Significantly, the Restatement of Torts has adopted a policy of abrogation of the immunity with some limitation.

§ 895G. Parent and Child (1) A parent or child is not immune from tort liability to the other solely by reason of that relationship. (2) Repudiation of general tort immunity does not establish liability for an act or omission that, because of the parent-child relationship, is otherwise privileged or is not tortious.

Restatement (Second) of Torts § 895G (1979).

The trend of many modern cases is to limit or entirely abolish parental immunity. For example, in Lee v. Comer, ___ W. Va. ___, 224 S.E.2d 721, 722-23 (1976), the court said:

In recent years the application of this doctrine has begun to recede as rapidly as it had once spread. There has been a definite trend throughout our courts toward the abrogation or limitation of such doctrine. Many jurisdictions have carved out exceptions to the doctrine which indicates a "growing judicial distaste for a rule of law which in one sweep disqualified an entire class of injured minors." Gibson v. Gibson, 3 Cal. 2d 914, 92 Cal. Rptr. 288, 479 P.2d 648, 650 (1971). We perceive no reason why minor children should not enjoy the same right to legal redress for wrongs done to them as others enjoy. Certainly the need for and value of family tranquillity must not be discounted, but to hold that a child's "pains must be endured for the peace and welfare of the family is something of a mockery".

(Citation omitted.)

*415 The direction of abolition of the doctrine apparently began with Goller v. White, 20 Wis.2d 402, 413, 122 N.W.2d 193 (1963). The court said:

After a careful review of the arguments for and against the parental-immunity rule in negligence cases, we are of the opinion that it ought to be abrogated except in these two situations: (1) Where the alleged negligent act involves an exercise of parental authority over the child; and (2) where the alleged negligent act involves an exercise of ordinary parental discretion with respect to the provision of food, clothing, housing, medical and dental services, and other care. Accordingly, the rule is abolished in personal-injury actions subject to these noted exceptions.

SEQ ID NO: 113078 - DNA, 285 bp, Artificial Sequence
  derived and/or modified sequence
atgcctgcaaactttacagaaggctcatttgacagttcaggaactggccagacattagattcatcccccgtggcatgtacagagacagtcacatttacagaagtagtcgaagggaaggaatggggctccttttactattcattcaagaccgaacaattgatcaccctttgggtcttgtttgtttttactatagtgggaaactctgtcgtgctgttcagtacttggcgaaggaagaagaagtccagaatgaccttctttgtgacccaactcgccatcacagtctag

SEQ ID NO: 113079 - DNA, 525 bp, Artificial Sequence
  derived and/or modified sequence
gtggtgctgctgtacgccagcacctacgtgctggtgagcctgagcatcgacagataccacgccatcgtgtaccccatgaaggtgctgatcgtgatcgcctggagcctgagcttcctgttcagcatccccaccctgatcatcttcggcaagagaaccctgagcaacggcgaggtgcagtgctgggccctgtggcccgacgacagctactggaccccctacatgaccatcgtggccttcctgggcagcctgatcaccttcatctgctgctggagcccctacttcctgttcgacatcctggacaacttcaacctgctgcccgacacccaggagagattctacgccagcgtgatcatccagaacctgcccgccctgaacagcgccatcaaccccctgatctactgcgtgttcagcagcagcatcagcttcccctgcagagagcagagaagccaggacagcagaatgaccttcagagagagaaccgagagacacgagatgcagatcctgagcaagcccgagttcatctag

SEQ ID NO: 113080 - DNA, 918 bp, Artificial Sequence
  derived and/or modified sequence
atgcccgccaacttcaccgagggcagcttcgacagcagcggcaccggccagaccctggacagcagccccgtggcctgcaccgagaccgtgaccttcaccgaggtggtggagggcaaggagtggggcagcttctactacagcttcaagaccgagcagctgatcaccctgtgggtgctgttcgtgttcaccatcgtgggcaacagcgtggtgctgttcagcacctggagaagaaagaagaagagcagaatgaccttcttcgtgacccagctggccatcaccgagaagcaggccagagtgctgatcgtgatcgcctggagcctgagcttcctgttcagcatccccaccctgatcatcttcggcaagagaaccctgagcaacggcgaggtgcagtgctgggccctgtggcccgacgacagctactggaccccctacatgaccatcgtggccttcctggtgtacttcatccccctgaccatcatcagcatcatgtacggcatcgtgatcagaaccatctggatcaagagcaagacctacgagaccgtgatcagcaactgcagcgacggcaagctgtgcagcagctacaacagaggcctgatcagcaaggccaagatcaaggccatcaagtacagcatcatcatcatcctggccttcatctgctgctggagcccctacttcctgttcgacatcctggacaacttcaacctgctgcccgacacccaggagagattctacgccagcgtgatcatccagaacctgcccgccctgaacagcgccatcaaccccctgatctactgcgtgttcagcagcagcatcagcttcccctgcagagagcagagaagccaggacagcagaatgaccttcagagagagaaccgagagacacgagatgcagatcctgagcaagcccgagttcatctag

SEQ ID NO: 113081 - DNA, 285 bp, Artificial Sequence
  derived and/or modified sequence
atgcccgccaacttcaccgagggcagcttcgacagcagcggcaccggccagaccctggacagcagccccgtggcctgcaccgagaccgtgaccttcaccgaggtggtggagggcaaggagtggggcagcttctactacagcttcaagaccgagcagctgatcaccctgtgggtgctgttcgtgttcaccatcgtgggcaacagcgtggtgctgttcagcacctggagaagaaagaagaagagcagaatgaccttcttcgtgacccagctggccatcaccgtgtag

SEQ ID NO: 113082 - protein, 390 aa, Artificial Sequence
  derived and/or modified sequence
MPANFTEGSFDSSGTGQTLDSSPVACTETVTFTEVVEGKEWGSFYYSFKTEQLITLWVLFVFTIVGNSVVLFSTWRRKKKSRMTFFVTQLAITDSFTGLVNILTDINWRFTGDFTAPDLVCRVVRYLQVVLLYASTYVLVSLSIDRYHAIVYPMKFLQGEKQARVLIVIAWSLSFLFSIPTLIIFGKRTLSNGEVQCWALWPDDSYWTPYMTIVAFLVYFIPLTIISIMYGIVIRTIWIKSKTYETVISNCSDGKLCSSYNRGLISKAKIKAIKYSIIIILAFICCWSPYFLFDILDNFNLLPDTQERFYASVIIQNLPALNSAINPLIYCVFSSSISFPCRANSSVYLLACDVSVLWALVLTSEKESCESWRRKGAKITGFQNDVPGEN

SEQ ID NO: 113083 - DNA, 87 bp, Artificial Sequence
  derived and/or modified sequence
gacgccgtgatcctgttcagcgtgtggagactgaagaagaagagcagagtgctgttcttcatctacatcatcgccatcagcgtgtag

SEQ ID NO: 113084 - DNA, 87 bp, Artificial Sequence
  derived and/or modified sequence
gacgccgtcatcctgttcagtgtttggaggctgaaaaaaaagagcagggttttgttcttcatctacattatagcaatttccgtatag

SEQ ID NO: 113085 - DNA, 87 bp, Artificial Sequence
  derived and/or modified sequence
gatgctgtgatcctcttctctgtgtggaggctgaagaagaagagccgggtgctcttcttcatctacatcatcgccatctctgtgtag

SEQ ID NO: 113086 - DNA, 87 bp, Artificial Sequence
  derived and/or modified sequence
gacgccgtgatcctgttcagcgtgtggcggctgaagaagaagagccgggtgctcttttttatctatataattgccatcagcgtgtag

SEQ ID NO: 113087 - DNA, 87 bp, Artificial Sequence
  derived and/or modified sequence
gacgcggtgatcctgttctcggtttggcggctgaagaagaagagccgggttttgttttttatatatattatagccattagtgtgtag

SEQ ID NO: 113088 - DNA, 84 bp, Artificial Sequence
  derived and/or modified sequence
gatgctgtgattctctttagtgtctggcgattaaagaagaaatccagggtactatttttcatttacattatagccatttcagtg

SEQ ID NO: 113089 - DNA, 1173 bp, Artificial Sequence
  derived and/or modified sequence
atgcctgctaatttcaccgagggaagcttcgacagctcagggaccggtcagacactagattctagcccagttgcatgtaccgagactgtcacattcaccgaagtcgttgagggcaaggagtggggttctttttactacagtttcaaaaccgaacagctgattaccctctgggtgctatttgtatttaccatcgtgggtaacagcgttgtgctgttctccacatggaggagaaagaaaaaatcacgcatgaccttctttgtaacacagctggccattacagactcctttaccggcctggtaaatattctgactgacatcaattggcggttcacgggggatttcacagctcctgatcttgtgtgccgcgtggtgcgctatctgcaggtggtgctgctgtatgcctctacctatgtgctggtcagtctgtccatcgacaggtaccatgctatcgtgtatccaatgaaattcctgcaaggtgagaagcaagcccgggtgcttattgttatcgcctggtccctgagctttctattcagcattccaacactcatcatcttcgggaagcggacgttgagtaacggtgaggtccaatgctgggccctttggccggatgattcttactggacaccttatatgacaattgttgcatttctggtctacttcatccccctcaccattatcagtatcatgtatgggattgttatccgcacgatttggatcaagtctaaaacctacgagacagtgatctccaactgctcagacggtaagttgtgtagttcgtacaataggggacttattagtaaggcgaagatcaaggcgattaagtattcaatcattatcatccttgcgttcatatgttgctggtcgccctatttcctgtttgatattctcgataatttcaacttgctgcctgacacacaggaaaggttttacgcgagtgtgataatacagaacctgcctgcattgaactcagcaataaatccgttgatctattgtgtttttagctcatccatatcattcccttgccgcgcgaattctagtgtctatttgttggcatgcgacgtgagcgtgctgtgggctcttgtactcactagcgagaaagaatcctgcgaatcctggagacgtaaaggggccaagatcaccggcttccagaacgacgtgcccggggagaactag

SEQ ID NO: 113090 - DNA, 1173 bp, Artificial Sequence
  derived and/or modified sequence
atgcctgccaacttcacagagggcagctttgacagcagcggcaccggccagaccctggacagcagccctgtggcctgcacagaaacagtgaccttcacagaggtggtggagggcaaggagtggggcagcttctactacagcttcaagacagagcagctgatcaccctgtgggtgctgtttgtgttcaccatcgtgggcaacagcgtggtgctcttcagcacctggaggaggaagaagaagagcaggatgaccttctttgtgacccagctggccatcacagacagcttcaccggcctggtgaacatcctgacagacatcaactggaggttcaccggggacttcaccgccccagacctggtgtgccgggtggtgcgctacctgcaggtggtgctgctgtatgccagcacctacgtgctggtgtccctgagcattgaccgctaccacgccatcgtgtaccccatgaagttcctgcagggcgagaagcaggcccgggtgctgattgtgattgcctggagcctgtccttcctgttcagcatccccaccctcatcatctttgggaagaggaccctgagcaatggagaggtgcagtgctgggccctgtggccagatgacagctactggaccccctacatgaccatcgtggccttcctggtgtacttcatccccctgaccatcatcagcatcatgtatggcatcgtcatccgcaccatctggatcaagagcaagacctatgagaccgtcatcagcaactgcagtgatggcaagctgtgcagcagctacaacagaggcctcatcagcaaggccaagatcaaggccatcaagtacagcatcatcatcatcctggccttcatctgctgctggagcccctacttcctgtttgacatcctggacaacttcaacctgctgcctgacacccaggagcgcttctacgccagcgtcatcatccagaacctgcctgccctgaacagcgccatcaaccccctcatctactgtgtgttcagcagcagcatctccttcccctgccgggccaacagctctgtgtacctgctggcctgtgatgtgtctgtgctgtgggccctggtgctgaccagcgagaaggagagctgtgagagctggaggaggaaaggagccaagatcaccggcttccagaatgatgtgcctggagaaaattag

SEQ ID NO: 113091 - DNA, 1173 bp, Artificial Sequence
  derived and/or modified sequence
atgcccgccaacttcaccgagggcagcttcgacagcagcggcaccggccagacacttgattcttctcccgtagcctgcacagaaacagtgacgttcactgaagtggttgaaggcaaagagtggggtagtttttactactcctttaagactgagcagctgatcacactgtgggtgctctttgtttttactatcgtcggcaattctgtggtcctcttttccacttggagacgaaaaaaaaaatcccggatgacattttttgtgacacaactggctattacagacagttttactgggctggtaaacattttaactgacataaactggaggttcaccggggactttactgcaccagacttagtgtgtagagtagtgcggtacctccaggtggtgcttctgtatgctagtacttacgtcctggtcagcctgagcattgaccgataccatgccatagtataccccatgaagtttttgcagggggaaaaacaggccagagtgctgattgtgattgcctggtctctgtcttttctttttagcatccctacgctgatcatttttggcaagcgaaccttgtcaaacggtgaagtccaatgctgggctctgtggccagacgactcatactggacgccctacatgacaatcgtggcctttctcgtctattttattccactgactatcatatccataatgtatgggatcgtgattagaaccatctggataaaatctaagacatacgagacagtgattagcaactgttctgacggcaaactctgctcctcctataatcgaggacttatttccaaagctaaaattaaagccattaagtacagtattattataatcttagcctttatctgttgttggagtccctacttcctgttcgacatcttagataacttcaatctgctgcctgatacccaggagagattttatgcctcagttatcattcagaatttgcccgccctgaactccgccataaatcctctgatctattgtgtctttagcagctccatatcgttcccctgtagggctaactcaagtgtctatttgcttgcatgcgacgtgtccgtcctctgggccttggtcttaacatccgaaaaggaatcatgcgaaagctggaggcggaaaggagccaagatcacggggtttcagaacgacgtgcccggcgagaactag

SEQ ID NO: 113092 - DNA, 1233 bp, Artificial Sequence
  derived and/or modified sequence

Other jurisdictions which have limited or abolished the doctrine include: Hebel v. Hebel, 435 P.2d 8 (Alaska 1967); Streenz v. Streenz, 106 Ariz. 86, 471 P.2d 282 (1970); Gibson v. Gibson, 3 Cal. 3d 914, 479 P.2d 648, 92 Cal. Rptr. 288 (1971); Trevarton v. Trevarton, 151 Colo. 418, 378 P.2d 640 (1963); Williams v. Williams, 369 A.2d 669 (Del. 1976); Petersen v. Honolulu, 51 Haw. 484, 462 P.2d 1007 (1970); Schenk v. Schenk, 100 Ill. App.2d 199, 241 N.E.2d 12 (1968); Rigdon v. Rigdon, 465 S.W.2d 921 (Ky. 1971); Sorensen v. Sorensen, 369 Mass. 950, 339 N.E.2d 907 (1975); Plumley v. Klein, 388 Mich. 1, 199 N.W.2d 169 (1972); Silesky v. Kelman, 281 Minn. 431, 161 N.W.2d 631 (1968); Rupert v. Stienne, 90 Nev. 397, 528 P.2d 1013 (1974); Briere v. Briere, 107 N.H. 432, 224 A.2d 588 (1966); France v. A.P.A. Transport Corp., 56 N.J. 500, 267 A.2d 490 (1970); Gelbman v. Gelbman, 23 N.Y.2d 434, 245 N.E.2d 192, 297 N.Y.S.2d 529 (1969); Nuelle v. Wells, 154 N.W.2d 364 (N.D. 1967); Falco v. Pados, 444 Pa. 372, 282 A.2d 351 (1971); Wood v. Wood, 135 Vt. 119, 370 A.2d 191 (1977); Smith v. Kauffman, 212 Va. 181, 183 S.E.2d 190 (1971); Lee v. Comer, ___ W. Va. ___, 224 S.E.2d 721 (1976); Goller v. White, 20 Wis.2d 402, 122 N.W.2d 193 (1963).

Two states have abolished the doctrine as to damages arising out of the operation of a motor vehicle. Conn. Gen. Stat. § 52-572c; N.C. Gen. Stat. § 1-539.21.

*416 [1] An absolute abrogation of the doctrine of parent-child immunity is not before the court. We have examined every case dealing with the issue. We recognize that there may be situations of parental authority and discretion which should not lead to liability. Several courts, such as Wisconsin and California, have attempted to put forth an all-encompassing rule to deal with these situations. We believe that the better approach is to develop the details of any portions of the immunity that should be retained by a case-to-case determination.

In this case we simply hold that a minor child injured by the negligence of a parent in an automobile accident has a cause of action against that parent. The other issues of parent-child immunity are reserved for further determination.

Reversed and remanded for trial.